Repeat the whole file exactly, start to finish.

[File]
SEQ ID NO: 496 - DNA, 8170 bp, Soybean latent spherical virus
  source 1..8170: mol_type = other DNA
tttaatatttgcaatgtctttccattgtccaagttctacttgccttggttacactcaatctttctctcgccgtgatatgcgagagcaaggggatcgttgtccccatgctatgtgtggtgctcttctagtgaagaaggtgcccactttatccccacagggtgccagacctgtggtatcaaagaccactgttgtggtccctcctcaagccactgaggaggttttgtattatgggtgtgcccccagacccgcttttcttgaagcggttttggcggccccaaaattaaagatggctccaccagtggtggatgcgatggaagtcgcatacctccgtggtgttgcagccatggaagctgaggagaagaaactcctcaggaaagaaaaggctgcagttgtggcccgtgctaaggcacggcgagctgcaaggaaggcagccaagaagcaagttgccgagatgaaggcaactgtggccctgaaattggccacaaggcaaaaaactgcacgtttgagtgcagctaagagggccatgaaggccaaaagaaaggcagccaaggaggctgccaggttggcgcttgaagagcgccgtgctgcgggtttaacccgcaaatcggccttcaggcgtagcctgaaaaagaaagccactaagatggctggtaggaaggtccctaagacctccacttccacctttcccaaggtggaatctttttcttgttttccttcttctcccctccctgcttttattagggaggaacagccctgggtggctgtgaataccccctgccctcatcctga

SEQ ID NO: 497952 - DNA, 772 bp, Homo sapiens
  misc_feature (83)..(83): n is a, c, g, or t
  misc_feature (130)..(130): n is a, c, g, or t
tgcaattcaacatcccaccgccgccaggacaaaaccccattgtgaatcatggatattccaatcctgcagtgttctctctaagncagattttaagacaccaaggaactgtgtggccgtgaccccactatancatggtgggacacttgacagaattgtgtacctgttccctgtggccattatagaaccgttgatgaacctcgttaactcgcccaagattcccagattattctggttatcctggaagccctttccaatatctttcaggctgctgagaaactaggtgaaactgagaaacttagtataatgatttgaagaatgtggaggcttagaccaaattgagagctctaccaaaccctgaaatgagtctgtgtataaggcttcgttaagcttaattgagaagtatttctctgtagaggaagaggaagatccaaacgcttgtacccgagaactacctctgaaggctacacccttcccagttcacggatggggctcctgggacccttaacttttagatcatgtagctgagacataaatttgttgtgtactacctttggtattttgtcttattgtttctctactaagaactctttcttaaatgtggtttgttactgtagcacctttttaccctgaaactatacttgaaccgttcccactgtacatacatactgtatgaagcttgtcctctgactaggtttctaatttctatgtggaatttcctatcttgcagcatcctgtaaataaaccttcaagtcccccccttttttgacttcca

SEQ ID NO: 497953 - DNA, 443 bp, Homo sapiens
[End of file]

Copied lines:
SEQ ID NO: 496 - DNA, 8170 bp, Soybean latent spherical virus
  source 1..8170: mol_type = other DNA
tttaatatttgcaatgtctttccattgtccaagttctacttgccttggttacactcaatctttctctcgccgtgatatgcgagagcaaggggatcgttgtccccatgctatgtgtggtgctcttctagtgaagaaggtgcccactttatccccacagggtgccagacctgtggtatcaaagaccactgttgtggtccctcctcaagccactgaggaggttttgtattatgggtgtgcccccagacccgcttttcttgaagcggttttggcggccccaaaattaaagatggctccaccagtggtggatgcgatggaagtcgcatacctccgtggtgttgcagccatggaagctgaggagaagaaactcctcaggaaagaaaaggctgcagttgtggcccgtgctaaggcacggcgagctgcaaggaaggcagccaagaagcaagttgccgagatgaaggcaactgtggccctgaaattggccacaaggcaaaaaactgcacgtttgagtgcagctaagagggccatgaaggccaaaagaaaggcagccaaggaggctgccaggttggcgcttgaagagcgccgtgctgcgggtttaacccgcaaatcggccttcaggcgtagcctgaaaaagaaagccactaagatggctggtaggaaggtccctaagacctccacttccacctttcccaaggtggaatctttttcttgttttccttcttctcccctccctgcttttattagggaggaacagccctgggtggctgtgaataccccctgccctcatcctga

SEQ ID NO: 497952 - DNA, 772 bp, Homo sapiens
  misc_feature (83)..(83): n is a, c, g, or t
  misc_feature (130)..(130): n is a, c, g, or t
tgcaattcaacatcccaccgccgccaggacaaaaccccattgtgaatcatggatattccaatcctgcagtgttctctctaagncagattttaagacaccaaggaactgtgtggccgtgaccccactatancatggtgggacacttgacagaattgtgtacctgttccctgtggccattatagaaccgttgatgaacctcgttaactcgcccaagattcccagattattctggttatcctggaagccctttccaatatctttcaggctgctgagaaactaggtgaaactgagaaacttagtataatgatttgaagaatgtggaggcttagaccaaattgagagctctaccaaaccctgaaatgagtctgtgtataaggcttcgttaagcttaattgagaagtatttctctgtagaggaagaggaagatccaaacgcttgtacccgagaactacctctgaaggctacacccttcccagttcacggatggggctcctgggacccttaacttttagatcatgtagctgagacataaatttgttgtgtactacctttggtattttgtcttattgtttctctactaagaactctttcttaaatgtggtttgttactgtagcacctttttaccctgaaactatacttgaaccgttcccactgtacatacatactgtatgaagcttgtcctctgactaggtttctaatttctatgtggaatttcctatcttgcagcatcctgtaaataaaccttcaagtcccccccttttttgacttcca

SEQ ID NO: 497953 - DNA, 443 bp, Homo sapiens